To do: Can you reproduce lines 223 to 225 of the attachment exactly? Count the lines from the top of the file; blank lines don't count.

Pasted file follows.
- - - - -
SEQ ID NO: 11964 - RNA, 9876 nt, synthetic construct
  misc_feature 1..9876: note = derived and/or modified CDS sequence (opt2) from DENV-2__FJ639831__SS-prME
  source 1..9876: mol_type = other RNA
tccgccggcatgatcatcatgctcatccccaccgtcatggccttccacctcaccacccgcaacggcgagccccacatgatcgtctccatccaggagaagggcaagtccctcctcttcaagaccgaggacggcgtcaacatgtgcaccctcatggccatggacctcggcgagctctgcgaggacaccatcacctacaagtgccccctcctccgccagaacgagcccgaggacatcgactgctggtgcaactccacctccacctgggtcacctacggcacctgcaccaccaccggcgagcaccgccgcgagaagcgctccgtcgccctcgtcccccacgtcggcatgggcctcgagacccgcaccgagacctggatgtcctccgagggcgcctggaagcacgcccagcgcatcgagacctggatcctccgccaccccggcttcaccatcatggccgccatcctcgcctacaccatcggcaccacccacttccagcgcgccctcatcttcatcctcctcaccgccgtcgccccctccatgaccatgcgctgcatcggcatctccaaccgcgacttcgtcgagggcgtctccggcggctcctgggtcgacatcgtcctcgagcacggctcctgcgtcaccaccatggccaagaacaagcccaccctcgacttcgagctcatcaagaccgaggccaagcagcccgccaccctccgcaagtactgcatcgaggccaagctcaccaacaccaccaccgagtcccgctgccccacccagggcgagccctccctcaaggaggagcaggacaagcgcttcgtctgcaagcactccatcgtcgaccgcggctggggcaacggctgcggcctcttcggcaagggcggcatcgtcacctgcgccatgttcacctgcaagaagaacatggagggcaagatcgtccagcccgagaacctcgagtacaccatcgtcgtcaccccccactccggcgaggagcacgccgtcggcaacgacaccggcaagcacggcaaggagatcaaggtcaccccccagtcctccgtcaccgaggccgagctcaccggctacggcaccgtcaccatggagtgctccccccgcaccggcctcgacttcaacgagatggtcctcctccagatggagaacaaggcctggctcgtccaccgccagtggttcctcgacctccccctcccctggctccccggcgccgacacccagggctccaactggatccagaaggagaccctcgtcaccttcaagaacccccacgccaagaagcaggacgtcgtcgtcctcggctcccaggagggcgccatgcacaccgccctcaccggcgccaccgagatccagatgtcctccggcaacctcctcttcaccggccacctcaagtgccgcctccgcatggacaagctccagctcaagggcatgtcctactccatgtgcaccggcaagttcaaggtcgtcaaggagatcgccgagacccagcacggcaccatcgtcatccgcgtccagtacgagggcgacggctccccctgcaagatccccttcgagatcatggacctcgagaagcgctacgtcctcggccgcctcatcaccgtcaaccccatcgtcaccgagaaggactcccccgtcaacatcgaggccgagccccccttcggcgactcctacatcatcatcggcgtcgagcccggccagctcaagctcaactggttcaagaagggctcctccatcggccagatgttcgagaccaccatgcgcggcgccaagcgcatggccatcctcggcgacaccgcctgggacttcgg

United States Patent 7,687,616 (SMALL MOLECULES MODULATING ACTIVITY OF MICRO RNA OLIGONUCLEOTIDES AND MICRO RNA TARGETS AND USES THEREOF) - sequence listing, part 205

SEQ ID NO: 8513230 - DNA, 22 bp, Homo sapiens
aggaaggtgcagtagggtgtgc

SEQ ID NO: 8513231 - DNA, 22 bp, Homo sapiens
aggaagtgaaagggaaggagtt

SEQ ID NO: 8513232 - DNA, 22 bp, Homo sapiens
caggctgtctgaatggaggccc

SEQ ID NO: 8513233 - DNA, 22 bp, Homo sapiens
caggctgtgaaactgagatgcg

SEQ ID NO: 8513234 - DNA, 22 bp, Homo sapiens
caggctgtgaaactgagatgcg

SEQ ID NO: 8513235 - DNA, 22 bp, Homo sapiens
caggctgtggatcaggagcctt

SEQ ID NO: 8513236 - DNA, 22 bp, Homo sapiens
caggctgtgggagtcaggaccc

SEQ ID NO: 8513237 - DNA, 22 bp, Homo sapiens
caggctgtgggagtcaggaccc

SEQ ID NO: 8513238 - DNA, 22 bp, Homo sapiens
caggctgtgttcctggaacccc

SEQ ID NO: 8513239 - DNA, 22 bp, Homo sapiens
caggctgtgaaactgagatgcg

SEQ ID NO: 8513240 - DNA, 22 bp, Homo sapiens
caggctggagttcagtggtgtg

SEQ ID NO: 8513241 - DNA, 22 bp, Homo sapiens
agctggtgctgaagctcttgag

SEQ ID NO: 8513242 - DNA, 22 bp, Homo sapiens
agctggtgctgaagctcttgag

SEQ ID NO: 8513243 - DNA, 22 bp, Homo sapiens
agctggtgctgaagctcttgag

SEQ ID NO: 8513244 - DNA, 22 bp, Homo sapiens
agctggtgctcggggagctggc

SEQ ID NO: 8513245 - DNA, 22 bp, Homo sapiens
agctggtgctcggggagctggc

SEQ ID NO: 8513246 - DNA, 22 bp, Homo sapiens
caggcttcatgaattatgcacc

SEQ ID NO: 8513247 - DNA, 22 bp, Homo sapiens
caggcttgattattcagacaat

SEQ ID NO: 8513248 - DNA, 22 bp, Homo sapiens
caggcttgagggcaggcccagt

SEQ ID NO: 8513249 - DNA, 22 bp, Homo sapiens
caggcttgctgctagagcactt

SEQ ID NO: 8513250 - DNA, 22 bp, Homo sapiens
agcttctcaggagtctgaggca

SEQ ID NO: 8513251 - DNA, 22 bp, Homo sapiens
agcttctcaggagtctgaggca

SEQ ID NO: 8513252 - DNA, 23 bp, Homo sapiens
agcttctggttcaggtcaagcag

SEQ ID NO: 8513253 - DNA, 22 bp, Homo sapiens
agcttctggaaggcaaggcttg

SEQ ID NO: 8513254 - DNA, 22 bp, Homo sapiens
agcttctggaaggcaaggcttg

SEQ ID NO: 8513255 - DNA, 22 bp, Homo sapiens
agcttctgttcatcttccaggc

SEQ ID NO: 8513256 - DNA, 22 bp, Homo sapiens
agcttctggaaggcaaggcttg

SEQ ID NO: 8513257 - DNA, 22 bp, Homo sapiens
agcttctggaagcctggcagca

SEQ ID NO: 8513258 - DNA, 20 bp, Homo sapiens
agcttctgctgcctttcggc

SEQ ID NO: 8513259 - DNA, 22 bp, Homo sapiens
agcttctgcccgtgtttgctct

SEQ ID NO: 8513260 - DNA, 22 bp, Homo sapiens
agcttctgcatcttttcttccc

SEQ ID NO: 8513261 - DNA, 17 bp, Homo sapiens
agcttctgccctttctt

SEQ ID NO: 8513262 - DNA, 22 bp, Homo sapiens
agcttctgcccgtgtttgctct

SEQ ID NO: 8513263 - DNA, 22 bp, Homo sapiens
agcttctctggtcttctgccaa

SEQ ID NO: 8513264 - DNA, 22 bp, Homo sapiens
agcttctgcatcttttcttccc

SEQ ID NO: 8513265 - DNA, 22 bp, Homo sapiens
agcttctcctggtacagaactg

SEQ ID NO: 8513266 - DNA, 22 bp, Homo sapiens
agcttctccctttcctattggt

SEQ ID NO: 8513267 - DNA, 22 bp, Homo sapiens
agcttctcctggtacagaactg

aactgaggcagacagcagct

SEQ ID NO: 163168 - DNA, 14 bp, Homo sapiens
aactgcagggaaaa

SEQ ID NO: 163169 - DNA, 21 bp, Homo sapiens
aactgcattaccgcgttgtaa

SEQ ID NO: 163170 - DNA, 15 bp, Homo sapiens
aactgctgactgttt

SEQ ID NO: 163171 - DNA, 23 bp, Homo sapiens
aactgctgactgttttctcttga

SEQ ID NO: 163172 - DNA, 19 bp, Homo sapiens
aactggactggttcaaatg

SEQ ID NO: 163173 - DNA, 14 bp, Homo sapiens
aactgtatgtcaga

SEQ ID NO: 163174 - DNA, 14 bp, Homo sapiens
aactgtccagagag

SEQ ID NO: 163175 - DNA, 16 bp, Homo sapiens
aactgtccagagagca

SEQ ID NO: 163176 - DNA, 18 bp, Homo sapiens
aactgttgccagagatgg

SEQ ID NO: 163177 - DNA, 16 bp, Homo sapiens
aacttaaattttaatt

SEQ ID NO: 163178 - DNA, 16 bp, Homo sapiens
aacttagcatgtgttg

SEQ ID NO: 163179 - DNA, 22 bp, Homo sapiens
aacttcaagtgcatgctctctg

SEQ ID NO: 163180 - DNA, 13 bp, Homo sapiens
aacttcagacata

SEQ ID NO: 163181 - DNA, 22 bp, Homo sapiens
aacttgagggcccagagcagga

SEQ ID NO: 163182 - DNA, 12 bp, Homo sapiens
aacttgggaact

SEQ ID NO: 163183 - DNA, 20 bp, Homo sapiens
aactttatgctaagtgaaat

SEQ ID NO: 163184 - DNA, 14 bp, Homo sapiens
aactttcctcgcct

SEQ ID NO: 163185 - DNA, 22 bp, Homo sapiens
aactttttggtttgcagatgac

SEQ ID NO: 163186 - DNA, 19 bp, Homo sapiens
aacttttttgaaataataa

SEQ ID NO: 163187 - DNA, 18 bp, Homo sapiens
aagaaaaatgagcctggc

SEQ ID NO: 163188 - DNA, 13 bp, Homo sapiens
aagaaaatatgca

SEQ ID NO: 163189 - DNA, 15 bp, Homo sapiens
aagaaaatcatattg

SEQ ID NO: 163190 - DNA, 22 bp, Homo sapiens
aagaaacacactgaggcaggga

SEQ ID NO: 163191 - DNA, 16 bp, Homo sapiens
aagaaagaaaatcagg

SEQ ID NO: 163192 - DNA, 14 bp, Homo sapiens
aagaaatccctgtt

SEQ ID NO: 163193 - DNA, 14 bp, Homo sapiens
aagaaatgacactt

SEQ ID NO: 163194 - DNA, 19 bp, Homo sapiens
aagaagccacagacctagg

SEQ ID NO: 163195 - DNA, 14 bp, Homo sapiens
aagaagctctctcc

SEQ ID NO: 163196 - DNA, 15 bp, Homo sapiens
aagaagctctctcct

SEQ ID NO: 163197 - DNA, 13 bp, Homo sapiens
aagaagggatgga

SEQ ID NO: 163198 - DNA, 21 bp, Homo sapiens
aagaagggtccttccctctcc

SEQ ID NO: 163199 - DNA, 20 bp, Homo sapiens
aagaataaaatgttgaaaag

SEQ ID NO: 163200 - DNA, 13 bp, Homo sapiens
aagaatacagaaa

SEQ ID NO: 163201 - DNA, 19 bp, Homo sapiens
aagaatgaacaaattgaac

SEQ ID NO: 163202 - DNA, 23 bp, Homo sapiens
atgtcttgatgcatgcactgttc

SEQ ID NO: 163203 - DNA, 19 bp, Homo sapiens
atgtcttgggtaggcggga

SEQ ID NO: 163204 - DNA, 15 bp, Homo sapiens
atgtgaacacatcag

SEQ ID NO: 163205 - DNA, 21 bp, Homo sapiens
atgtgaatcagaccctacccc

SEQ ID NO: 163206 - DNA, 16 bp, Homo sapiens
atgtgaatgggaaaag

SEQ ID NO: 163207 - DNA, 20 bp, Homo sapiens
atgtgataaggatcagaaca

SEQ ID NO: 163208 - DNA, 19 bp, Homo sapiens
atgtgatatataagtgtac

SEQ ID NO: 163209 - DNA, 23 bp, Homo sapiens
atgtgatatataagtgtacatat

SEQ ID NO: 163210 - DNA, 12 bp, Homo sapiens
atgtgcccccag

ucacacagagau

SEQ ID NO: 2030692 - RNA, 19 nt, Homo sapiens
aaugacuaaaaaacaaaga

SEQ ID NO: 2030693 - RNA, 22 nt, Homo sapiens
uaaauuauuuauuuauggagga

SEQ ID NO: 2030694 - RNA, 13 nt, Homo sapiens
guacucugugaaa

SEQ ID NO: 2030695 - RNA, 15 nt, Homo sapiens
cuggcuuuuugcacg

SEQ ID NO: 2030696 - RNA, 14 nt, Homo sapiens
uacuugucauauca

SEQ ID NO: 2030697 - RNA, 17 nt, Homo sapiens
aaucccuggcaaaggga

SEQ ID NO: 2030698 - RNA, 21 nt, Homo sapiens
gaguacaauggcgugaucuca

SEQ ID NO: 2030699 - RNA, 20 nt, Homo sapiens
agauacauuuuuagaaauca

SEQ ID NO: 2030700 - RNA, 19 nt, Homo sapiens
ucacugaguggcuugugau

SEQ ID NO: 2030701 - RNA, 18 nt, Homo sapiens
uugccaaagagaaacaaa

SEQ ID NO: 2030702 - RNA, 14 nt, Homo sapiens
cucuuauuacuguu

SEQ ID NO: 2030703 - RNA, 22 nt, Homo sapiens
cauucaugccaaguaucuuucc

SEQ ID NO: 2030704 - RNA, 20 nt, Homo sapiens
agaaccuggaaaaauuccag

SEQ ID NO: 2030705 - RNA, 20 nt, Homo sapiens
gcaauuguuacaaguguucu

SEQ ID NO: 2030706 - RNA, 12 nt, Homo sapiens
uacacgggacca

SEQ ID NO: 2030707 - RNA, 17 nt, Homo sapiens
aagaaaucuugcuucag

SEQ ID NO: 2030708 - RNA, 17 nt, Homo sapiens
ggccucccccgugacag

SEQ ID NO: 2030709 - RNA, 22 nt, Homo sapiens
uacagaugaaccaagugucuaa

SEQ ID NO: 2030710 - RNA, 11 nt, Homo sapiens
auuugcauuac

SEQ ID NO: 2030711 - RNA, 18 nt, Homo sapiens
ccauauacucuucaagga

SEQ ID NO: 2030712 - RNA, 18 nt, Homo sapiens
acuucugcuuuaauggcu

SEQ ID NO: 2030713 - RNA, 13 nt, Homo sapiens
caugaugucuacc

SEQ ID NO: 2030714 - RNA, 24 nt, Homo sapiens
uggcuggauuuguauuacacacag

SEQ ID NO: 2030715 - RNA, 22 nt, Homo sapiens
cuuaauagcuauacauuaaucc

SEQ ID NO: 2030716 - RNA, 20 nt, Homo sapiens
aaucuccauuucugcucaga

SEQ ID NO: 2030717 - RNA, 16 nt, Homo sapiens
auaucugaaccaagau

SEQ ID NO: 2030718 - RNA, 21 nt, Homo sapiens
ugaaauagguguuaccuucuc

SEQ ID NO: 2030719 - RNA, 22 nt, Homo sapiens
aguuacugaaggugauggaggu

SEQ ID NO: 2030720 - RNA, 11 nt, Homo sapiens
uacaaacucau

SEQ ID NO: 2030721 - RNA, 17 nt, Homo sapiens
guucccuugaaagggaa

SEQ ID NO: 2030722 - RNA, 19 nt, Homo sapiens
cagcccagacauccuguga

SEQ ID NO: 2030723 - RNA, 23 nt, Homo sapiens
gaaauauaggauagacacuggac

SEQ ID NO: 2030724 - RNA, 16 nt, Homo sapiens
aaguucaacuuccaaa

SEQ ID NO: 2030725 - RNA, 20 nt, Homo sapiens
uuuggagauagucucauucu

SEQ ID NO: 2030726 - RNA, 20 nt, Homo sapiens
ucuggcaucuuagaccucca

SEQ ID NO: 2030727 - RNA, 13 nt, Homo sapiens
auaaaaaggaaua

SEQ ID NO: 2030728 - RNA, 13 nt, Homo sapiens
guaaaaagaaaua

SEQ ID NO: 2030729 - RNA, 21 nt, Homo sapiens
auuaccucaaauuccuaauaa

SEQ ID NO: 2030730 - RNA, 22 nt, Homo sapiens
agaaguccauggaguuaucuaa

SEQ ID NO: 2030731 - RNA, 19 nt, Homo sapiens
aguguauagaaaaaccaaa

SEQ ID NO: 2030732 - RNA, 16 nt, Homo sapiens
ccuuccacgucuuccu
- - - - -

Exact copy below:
ugaaauagguguuaccuucuc

SEQ ID NO: 2030719 - RNA, 22 nt, Homo sapiens
aguuacugaaggugauggaggu